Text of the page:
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The next phase of security AI will bring a greater focus on preventing attacker movement — making cyberattacks much more difficult and far less likely to succeed — through modeling probable attack paths using real data from a company’s environment, according to executives at self-learning AI firm Darktrace.
In the world of cybersecurity, it’s often brought up that “‘the bad guy only has to be right once’ — and it’s so much harder being on defense,” said Nicole Eagan, chief strategy officer and AI officer at Darktrace, in an interview.
But with Darktrace’s preventative security AI technology, which the company is now testing with early adopter customers, “we really think that this starts to turn the tables in the other direction,” Eagan said.
For the company, the work represents an expansion from its initial focus on AI-powered detection and response—in other words, “knowing yourself”—and into the realm of “knowing your enemy,” she said.
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It could also signal where security AI is going next overall, given the company’s track record as a trailblazer in the space since its founding in 2013. The use of AI and machine learning (ML) for detection, for instance, is now commonplace in many security tools, such as endpoint detection and response (EDR).
Rather than starting with ideas or goals for new products, Darktrace focuses on following the research that it produces internally around identifying security challenges, said Max Heinemeyer, director of threat hunting at the company. Darktrace employs more than 100 researchers, including two dozen PhDs — and their work informs where the company’s artificial intelligence and ML technology should be applied next, Heinemeyer said.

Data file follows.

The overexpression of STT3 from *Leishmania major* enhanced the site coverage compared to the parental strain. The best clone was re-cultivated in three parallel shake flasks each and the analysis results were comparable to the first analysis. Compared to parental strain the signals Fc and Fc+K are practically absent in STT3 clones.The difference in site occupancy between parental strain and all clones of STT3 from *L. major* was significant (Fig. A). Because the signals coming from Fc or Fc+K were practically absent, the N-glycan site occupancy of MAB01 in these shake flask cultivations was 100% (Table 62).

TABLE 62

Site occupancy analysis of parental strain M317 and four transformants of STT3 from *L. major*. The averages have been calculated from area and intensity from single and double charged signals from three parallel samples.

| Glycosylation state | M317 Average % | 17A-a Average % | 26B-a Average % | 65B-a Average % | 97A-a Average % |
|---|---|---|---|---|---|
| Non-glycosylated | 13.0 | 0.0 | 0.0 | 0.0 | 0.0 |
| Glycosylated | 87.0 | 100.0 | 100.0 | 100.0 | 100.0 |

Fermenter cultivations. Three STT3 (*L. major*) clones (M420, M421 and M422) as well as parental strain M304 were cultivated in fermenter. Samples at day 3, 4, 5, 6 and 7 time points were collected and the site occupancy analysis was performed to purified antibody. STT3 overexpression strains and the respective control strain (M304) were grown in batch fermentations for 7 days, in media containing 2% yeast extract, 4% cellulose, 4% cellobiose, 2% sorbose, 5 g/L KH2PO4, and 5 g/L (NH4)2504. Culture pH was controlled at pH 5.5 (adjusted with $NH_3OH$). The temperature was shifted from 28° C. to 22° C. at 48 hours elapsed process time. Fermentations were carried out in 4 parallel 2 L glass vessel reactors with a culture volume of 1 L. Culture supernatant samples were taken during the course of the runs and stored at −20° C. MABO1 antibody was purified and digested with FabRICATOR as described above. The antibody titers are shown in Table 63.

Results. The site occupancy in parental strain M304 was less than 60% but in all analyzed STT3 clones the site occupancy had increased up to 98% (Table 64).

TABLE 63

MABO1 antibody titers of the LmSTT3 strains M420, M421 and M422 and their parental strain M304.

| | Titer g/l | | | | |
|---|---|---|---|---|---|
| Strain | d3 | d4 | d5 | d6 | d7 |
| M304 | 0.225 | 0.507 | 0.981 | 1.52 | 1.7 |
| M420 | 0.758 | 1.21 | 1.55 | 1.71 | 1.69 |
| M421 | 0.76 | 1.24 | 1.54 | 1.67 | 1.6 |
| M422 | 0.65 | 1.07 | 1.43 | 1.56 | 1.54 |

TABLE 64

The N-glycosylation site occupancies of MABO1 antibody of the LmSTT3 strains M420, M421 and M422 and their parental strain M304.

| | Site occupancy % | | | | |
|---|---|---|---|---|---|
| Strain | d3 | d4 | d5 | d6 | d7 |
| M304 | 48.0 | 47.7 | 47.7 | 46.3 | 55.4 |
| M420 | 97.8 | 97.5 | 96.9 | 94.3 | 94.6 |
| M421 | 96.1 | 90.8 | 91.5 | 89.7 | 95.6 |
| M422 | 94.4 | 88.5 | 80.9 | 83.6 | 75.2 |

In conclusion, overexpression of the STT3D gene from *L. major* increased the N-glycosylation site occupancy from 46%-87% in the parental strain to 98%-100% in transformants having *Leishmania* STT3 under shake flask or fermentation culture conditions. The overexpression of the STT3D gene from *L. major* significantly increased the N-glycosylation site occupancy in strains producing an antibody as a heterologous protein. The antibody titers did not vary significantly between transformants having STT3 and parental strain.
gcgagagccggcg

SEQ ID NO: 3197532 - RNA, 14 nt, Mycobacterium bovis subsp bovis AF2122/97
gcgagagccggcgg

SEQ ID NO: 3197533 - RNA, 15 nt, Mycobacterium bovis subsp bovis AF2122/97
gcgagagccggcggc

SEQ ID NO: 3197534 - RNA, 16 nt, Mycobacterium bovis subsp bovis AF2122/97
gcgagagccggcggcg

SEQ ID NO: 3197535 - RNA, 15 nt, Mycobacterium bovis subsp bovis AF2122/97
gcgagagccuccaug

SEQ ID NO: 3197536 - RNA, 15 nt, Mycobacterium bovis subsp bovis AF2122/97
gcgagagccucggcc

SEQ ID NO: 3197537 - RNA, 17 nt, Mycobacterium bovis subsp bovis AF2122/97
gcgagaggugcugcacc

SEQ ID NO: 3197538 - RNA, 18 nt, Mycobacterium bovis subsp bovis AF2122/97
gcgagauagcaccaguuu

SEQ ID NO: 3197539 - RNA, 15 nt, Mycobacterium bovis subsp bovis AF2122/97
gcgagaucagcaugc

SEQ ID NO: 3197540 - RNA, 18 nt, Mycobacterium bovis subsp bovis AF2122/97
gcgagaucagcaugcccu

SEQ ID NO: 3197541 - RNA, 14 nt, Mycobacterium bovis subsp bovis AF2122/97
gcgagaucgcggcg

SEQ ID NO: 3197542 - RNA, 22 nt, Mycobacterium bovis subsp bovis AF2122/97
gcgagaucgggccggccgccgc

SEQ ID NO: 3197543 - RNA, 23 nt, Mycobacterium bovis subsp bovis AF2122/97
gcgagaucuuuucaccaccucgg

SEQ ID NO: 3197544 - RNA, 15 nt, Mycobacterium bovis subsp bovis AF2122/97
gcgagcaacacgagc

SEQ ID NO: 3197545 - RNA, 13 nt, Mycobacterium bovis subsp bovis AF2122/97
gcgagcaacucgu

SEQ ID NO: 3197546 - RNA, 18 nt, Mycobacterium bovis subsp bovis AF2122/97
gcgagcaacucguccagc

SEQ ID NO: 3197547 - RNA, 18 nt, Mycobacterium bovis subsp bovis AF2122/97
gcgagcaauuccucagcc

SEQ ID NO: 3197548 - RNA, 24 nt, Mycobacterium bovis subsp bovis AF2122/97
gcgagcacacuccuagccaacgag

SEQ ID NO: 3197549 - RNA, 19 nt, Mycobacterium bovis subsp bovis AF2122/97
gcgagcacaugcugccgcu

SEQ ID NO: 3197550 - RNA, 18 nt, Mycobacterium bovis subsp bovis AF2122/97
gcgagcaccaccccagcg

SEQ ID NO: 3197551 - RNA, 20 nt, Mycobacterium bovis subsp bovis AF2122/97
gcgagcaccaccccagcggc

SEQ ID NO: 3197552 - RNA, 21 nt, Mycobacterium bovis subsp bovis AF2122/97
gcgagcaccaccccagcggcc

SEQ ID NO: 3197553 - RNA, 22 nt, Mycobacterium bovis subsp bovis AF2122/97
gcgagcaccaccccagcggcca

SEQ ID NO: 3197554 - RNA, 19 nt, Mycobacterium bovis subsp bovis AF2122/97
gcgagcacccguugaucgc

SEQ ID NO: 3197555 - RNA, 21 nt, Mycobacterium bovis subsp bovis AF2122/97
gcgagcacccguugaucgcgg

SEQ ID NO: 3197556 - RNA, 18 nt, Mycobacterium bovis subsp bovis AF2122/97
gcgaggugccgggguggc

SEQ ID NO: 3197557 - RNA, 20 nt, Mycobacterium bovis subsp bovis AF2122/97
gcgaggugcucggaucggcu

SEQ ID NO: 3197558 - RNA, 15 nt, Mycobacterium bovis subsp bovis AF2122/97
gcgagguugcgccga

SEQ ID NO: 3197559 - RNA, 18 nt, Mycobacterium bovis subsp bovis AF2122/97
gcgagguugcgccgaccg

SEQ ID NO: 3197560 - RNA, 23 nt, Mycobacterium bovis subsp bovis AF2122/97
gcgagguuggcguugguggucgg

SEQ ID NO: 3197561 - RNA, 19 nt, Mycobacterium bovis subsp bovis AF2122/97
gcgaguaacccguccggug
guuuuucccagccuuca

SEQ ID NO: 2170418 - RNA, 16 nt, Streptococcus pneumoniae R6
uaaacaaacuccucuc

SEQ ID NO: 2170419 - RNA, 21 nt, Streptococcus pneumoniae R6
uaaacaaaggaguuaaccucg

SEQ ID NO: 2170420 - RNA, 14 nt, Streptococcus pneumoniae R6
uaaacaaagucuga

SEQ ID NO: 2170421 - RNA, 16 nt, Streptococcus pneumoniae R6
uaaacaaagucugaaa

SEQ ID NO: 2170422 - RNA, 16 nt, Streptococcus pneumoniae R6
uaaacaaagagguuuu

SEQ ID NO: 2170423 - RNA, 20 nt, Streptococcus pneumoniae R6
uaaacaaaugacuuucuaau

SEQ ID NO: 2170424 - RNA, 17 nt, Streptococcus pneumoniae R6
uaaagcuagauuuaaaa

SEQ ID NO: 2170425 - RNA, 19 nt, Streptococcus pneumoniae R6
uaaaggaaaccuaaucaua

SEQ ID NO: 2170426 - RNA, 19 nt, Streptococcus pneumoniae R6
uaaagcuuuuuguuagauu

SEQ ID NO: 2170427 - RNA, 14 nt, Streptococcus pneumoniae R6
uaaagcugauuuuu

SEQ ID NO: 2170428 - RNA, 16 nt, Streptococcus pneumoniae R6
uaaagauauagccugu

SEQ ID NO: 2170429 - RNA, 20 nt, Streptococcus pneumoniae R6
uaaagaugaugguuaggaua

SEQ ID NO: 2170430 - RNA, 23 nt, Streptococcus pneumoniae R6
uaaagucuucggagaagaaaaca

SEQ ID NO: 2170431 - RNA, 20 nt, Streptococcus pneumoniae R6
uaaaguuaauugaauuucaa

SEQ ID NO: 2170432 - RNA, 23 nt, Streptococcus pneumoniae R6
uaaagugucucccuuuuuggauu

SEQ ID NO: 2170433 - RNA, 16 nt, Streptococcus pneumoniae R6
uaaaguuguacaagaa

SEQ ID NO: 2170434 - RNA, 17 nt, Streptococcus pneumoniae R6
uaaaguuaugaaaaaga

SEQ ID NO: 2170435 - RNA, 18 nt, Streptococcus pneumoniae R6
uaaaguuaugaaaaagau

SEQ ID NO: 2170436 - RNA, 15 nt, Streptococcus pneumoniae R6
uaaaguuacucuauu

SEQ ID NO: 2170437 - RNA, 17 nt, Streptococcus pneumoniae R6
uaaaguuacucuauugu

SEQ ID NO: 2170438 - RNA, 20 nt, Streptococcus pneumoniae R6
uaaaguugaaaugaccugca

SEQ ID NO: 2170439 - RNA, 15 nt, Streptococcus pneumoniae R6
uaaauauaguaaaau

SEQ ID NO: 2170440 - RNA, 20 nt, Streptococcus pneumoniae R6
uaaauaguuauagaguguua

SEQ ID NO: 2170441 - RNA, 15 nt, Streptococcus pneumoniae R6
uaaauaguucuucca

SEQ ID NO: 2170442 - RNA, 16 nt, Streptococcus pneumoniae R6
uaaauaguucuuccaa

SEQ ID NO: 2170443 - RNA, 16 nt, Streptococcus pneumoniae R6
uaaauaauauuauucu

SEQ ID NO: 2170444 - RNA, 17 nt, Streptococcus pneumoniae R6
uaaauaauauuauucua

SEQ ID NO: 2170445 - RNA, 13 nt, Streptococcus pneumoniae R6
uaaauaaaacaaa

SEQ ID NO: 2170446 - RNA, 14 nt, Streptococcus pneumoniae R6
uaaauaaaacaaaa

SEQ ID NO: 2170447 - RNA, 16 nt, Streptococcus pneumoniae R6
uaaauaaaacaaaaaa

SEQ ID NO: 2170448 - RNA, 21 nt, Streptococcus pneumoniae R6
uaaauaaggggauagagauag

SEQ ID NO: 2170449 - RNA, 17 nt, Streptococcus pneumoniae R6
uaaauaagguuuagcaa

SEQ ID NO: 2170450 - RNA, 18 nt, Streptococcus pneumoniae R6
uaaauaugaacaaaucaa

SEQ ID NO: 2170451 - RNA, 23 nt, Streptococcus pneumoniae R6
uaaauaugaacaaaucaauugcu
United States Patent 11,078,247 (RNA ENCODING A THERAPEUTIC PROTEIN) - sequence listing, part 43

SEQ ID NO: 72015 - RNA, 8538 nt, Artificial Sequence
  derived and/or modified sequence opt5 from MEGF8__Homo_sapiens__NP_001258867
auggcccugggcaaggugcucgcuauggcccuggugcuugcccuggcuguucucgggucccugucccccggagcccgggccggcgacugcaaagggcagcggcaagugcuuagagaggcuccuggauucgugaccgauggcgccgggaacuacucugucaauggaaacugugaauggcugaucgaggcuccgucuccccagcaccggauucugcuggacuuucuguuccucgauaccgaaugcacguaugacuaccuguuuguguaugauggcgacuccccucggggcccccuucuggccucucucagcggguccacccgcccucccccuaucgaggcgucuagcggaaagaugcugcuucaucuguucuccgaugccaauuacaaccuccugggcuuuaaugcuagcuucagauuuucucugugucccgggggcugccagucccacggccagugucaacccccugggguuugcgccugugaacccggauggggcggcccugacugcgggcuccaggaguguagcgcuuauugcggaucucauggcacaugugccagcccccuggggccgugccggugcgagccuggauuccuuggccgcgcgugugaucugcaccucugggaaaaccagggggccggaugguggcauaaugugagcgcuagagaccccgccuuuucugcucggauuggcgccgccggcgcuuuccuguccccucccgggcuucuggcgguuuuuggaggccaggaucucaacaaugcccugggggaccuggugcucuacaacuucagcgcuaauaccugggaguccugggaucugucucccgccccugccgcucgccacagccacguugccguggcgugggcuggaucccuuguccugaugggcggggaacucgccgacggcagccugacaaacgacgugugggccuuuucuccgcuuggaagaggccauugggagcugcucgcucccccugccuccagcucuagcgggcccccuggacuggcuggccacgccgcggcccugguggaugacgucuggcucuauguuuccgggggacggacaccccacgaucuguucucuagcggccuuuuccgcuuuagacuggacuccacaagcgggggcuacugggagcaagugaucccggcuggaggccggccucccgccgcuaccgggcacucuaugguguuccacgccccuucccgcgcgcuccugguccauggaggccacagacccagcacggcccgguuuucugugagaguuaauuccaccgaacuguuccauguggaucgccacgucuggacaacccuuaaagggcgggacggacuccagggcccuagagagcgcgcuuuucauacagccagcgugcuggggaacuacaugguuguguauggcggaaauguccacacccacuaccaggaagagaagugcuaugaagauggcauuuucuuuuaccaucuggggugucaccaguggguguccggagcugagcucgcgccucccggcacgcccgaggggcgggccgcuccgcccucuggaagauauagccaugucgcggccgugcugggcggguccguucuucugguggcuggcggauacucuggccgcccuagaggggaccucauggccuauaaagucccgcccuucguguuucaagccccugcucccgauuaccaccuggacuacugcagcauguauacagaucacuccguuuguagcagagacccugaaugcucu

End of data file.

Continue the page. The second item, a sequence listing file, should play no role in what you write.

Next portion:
Right now, the Darktrace research points toward preventative security as the next major area to take on with AI — with an initial focus on the area of “attack path modeling.”
Blocking the paths
Because Darktrace’s self-learning AI technology has a comprehensive understanding of a customer’s digital environment, the system can be utilized to determine what path an attacker would most likely use in order to attempt to access a company’s “crown jewels,” Heinemeyer said.
Once those priority attack paths have been determined, an organization can focus its efforts on shoring up protections against the use of those paths, according to Darktrace.
The approach is not about stopping attackers from piercing the perimeter — but rather about making it difficult for them to find the paths to valuable data once they are inside, Eagan said. By doing so, attackers’ lives “just became a lot harder,” she said.
In December, Cambridge, U.K.-based Darktrace began testing its first capabilities in attack path modeling with several dozen customers. Now, the goal is to make the initial offering generally available by the end of the company’s fiscal year (at the end of June) or early in its next fiscal year, Eagan said.
“In this calendar year, we are definitely committed to having the initial capability generally available,” she said.
Meanwhile, researchers from Darktrace’s Cyber AI Research Centre have released a new paper that helps to shed light on how the company is approaching preventative security. The paper — “Prevent: Security through Adversity” — in part highlights why existing proactive security measures can only go so far.
For instance, red/blue teaming exercises are costly and people-intensive — putting them out of reach for many companies. And in the majority of cases, blue teams fail to defend against the red team attacks, the paper notes.
However, “if a defender understands the methods of the attacker, has an awareness of their own assets, appropriately prioritizes the allocation of their resources and deploys countermeasures — such that the attacker will expend resource at an asymmetric disadvantage with each attempted advance — the blue team will be victorious,” the researchers said in the paper.
Lowering the barriers